Seven months ago, for the trust, the manager paid Forza Capital $34.7m for a South Brisbane medical centre – not far from 250 Ipswich Rd – and two Canberra assets including Belconnen’s Ginninderra Medical & Dental Centre on nearly a hectare.

Also late last year BIP spent $75m for a 12 level St Kilda Rd office majority leased to Alfred Health.

More to come.



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Brisbane’s Office Market Greenlit for Business

Brisbane’s Office Market

Brisbane’s office market continues to shake off the pandemic doldrums with two new commercial towers approved in the CBD and fringe suburbs.

Property owner PGIM and development partner Indema’s plan for a bold adaptive reuse of a 1970s commercial building at 444 Queen Street has won approval.

The bronze 22-storey tower opposite Customs House will be stripped back to its core structure and completely remodelled with a new podium, curtain wall facade and an additional two-storey sculptural canopy.

Indema director Michael Bruderlin said they would be targeting a net zero certification for the building upon completion in the first quarter of 2024.

Bruderlin said Hutchies had been engaged in an early contractor design and construct contract to help de-risk the project and better understand the technical requirements.

The Fender Katsalidis-designed tower follows in the footsteps of another of its commercial adaptive reuse projects in Brisbane, Ashe Morgan’s Midtown, now the headquarters for Rio Tinto.

Bruderlin said retaining and repurposing the existing building is 400 per cent more environmentally friendly. Retaining the existing concrete structure provides a 70 per cent saving in embodied carbon.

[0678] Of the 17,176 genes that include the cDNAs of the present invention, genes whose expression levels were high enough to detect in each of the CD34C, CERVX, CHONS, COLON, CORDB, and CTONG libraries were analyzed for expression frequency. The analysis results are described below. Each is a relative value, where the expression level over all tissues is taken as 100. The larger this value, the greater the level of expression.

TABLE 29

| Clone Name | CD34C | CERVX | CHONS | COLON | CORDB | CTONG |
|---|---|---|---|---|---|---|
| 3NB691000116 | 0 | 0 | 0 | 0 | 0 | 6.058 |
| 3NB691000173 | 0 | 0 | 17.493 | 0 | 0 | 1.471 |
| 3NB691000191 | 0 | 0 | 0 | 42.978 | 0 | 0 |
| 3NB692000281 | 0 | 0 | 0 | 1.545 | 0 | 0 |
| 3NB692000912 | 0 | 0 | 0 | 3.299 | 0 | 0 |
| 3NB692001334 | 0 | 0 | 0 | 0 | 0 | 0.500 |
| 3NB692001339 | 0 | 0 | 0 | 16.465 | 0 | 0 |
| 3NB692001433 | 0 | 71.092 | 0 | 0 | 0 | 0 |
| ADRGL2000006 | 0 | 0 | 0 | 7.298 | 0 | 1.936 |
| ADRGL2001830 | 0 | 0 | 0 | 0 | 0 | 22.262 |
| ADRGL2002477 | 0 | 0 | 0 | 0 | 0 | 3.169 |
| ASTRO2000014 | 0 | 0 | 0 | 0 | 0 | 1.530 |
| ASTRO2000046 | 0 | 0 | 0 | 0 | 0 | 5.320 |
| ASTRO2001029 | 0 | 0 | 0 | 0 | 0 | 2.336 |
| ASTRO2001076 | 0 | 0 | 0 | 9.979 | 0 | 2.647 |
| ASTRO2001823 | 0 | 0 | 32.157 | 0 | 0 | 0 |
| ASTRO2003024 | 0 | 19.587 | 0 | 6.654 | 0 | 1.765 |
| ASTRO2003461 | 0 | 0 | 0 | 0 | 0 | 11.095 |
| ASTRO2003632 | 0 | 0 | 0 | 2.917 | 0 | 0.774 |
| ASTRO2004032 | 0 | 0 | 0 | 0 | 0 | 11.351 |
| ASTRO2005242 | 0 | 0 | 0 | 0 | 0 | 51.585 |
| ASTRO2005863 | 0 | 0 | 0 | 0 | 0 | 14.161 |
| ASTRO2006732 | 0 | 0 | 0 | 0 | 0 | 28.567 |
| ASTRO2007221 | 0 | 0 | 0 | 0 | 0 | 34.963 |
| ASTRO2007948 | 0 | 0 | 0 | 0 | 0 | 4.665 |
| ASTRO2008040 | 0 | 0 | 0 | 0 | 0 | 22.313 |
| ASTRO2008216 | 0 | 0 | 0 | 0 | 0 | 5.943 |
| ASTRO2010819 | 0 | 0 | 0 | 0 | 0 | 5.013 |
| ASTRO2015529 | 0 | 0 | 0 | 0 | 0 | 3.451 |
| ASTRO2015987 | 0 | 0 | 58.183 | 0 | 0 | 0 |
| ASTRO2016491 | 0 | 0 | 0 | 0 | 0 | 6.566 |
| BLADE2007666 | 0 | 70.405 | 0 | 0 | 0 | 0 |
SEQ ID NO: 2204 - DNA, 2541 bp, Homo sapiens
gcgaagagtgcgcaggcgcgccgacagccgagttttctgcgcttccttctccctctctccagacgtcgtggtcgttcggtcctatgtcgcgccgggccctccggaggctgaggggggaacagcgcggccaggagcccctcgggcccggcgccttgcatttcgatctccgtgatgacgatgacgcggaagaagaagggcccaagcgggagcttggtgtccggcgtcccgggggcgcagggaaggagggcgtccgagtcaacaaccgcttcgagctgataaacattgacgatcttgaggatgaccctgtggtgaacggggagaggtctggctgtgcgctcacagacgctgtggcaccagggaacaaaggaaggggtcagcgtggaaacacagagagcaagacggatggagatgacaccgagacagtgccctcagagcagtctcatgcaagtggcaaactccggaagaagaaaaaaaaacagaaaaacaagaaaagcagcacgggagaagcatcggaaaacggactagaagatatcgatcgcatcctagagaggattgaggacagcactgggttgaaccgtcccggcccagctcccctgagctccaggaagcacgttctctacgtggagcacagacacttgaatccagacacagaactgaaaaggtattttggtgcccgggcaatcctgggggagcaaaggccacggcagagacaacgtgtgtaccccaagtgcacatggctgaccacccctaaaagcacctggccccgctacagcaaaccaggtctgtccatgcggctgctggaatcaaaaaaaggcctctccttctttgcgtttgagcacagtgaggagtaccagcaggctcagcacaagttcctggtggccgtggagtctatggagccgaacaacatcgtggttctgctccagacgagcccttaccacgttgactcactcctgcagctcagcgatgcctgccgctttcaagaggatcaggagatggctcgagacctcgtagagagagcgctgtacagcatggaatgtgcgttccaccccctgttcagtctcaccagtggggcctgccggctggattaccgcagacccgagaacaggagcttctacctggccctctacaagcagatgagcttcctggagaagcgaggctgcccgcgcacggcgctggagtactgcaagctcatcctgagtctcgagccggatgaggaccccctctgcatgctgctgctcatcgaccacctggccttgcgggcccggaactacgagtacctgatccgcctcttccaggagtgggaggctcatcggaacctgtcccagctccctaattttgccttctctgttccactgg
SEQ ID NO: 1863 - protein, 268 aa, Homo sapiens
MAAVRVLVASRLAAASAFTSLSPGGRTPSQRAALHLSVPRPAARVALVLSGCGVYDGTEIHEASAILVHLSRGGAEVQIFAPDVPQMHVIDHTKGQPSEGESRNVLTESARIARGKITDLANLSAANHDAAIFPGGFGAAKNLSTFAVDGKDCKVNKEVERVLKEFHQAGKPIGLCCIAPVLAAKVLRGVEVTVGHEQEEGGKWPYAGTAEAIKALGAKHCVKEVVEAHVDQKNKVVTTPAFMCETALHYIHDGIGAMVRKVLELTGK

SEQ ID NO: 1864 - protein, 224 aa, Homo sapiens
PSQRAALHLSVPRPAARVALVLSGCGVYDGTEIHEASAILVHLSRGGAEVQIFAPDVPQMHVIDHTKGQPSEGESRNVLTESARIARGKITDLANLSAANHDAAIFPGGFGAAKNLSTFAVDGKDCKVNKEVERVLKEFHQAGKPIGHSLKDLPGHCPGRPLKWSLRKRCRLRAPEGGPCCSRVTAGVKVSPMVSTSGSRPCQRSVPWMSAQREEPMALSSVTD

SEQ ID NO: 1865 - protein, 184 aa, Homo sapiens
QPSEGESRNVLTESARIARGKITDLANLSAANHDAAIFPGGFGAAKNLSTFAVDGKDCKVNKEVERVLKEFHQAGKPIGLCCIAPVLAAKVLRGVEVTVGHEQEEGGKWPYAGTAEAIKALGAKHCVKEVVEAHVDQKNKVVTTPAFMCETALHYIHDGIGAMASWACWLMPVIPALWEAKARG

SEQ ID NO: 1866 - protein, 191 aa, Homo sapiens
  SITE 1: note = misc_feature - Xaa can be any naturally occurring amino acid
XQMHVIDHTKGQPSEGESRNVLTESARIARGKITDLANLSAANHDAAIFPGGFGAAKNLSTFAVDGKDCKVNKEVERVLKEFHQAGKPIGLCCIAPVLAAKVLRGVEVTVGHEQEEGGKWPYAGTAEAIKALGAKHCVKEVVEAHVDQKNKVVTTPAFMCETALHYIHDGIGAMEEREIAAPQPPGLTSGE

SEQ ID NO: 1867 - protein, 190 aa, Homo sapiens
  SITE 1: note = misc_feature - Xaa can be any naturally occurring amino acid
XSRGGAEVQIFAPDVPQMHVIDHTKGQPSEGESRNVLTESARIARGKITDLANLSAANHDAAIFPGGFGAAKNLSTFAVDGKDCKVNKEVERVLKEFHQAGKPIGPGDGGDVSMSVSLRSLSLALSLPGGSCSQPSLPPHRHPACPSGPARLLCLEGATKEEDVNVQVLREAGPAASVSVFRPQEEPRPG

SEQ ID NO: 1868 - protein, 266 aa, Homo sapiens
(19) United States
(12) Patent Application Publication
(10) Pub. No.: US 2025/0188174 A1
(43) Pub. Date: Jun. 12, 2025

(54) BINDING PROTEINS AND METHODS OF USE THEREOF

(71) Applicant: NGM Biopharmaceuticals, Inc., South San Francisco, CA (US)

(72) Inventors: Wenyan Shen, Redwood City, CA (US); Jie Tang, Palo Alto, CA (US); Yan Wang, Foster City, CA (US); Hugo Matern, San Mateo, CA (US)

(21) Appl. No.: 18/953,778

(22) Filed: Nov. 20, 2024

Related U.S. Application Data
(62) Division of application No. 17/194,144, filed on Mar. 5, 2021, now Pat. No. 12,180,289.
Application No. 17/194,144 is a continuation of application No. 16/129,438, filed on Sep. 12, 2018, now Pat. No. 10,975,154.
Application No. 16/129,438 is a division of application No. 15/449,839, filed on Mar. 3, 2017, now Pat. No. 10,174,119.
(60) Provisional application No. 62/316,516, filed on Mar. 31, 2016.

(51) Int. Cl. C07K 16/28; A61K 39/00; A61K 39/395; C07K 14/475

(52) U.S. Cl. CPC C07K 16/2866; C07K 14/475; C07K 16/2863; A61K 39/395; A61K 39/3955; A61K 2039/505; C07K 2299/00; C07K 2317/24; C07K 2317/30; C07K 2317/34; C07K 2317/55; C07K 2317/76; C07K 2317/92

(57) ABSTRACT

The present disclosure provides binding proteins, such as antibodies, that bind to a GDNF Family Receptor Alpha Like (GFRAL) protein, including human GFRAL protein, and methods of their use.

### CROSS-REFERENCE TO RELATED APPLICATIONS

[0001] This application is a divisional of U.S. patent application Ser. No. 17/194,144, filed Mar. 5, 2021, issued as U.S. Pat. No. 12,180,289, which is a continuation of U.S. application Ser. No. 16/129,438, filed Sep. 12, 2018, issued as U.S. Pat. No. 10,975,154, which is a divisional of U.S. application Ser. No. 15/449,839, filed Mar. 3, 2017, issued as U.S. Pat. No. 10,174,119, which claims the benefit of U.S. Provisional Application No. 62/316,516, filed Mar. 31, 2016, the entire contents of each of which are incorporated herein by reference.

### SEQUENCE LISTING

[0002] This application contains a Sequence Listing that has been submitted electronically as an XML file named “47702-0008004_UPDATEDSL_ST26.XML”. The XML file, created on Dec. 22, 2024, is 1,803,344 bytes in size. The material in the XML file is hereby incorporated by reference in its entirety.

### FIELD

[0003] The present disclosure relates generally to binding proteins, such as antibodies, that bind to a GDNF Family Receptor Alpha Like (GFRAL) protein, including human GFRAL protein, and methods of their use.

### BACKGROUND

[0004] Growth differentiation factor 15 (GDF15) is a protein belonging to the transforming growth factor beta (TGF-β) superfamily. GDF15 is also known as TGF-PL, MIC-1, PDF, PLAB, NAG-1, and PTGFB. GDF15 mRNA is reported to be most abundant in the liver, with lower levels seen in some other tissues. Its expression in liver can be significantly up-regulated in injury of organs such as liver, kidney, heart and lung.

The project will rejuvenate a 48-year-old building at the end of life into an A-grade commercial office asset and increase the net leasable area 40 per cent.

Bruderlin said the project would have a quicker turnaround than a normal demolish and build project and it would use clever design initiatives to increase floor plates and create a better value proposition for the asset.

PGIM purchased 444 Queen Street for $54.4 million from the Public Trustee of Queensland and Abacus Property Group in October last year.

Cornerstone has also won approval for a commercial development in the city fringe suburb of Fortitude Valley.

The Bureau Proberts-designed tower will capture the heritage brick character of the Fortitude Valley centre “borrowing from the intent of these buildings but with a stridently different and contemporary expression”, planning documents said.

“This approach is a deliberate counterpoint to the strong and solid brick structures of the immediately adjacent 47 Warner Street and McWhirters buildings.

“Brickwork or masonry is not used as a material in deference to these neighbouring buildings allowing them to become more evident and make a clear statement about the era of their inception.”

The 28-storey commercial tower at 251 Wickham Street features a stepped slanting facade fronting Warner Street, with a four-storey lobby, and an inverted podium.

There will also be a rooftop terrace, 20m pool and open-plan gym in the commercial tower, with retail offerings at the base of the building.